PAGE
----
content and open the door for Internet censorship.  An initiative 
group of young bloggers, in association with media watch-dog NGO 
Adil Soz, registered their views by mailing to the parliame
nt a 
computer keyboard wrapped in chains.  One opposition website railed 
against the government for trying to turn Kazakhstan into North 
Korea and "attempting to control the uncontrollable." 
 
7.  (SBU)  Perhaps most notable, however, was the critical coverage 
the law received on main stream television, a media outlet that is 
usually most loyal to the government.  In covering the story, a 
reporter for the government-owned KTK channel sarcastically 
commented that the majority of parliamentarians cannot use the 
Internet without the help of their assistants and yet had to pretend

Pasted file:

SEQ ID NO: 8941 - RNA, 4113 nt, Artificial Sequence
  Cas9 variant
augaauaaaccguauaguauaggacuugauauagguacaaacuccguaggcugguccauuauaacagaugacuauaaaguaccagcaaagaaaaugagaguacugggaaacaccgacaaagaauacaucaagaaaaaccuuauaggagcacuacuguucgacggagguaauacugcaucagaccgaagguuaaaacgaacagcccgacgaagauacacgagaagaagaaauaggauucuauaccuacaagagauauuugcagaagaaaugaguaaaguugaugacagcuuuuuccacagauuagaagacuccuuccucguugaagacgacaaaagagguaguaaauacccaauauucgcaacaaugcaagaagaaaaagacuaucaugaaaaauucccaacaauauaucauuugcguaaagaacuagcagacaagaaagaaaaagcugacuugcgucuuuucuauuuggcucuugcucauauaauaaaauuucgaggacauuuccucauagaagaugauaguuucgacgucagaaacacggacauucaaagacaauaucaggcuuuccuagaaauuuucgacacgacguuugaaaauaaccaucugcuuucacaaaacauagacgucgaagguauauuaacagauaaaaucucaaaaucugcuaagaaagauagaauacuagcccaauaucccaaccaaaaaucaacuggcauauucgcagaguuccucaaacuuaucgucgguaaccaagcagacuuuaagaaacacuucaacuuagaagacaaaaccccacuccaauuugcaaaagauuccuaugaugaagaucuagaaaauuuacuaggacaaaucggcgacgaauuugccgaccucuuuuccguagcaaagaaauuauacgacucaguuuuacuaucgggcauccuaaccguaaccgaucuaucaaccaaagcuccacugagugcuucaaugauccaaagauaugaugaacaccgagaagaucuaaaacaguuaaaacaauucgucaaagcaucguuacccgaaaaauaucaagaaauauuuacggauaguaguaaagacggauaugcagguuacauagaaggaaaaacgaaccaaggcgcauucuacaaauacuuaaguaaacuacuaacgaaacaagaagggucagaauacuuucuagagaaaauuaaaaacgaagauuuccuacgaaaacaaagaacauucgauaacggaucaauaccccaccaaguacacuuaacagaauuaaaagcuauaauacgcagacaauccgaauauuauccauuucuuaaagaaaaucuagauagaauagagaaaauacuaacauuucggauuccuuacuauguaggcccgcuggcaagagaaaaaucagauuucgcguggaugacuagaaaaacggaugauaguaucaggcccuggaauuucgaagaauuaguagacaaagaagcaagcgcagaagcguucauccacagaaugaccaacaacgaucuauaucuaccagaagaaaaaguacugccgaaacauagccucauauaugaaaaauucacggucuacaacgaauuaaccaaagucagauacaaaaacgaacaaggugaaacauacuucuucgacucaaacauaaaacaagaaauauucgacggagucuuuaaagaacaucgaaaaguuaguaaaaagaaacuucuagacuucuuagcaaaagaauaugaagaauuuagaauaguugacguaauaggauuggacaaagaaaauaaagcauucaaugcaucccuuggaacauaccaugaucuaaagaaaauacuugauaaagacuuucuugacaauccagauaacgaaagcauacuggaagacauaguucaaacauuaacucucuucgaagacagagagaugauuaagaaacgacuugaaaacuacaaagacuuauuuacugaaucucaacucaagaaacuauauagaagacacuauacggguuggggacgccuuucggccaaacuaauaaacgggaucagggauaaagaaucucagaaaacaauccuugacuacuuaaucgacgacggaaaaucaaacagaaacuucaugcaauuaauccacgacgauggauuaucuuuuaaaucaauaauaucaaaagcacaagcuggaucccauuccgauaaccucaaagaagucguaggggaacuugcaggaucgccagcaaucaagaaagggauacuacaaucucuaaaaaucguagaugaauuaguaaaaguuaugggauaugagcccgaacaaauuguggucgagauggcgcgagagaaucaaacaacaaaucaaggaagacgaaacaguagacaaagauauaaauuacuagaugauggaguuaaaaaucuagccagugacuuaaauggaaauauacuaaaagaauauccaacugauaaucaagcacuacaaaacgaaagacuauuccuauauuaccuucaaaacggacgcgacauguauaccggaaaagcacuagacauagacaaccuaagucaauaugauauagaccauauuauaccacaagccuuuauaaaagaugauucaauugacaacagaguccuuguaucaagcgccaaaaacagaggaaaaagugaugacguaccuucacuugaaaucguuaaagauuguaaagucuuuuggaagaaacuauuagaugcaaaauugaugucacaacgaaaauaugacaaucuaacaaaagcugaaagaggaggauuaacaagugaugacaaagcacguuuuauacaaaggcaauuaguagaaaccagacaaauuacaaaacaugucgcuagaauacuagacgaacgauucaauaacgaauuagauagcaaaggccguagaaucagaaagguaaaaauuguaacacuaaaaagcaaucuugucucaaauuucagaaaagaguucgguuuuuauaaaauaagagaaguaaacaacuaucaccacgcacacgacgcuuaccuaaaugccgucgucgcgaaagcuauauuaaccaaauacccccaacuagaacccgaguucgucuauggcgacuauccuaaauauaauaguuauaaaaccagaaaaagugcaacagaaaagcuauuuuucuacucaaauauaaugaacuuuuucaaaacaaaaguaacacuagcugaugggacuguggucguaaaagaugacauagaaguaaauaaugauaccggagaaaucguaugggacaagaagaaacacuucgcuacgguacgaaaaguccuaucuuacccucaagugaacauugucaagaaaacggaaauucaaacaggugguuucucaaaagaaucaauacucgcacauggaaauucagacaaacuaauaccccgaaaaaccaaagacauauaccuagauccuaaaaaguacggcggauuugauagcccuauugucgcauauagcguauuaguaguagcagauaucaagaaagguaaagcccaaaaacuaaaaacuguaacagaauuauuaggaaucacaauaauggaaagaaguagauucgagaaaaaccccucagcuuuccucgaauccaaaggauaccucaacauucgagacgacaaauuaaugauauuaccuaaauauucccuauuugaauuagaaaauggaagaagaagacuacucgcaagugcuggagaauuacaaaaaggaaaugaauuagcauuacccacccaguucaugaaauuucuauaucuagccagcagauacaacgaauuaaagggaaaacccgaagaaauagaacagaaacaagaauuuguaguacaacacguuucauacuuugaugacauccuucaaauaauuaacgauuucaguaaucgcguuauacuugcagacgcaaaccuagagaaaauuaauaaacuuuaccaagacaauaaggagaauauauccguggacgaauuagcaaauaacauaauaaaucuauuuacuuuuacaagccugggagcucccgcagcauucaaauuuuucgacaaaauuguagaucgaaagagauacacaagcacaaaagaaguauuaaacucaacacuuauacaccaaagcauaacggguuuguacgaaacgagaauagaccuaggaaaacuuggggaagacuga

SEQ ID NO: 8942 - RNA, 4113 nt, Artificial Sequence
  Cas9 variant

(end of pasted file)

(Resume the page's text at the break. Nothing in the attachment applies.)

to be advanced computer-users for the day.  He also wondered how the 
Mazhilis expected the PGO to check the content of over 6,000 
Kazakhstani websites.  Astana TV, a subsidiary of the Nur-Media 
holding company, which is controlled by the ruling Nur Otan party, 
ran a tongue-in-cheek report congratulating the parliamentarians for 
showing "amazing unanimity and speed" in assuring that "order reigns 
on the Internet."  Even Khabar TV, a channel known for its positive 
coverage of the Mazhilis, allowed itself a sly comment that if the 
law passes, users will need to watch what they write in their 
Internet diaries. 
 
8.  (SBU)  COMMMENT:  The changes made by the Mazhilis working group 
are certainly an improvement, although the draft law still contains 
a number of problematic provisions.  What is clear, however, is that 
civil society is readily articulating its concerns, and, most 
notably, the Mazhilis seems to be willing to respond to them.  END 
COMMENT. 
 
MILAS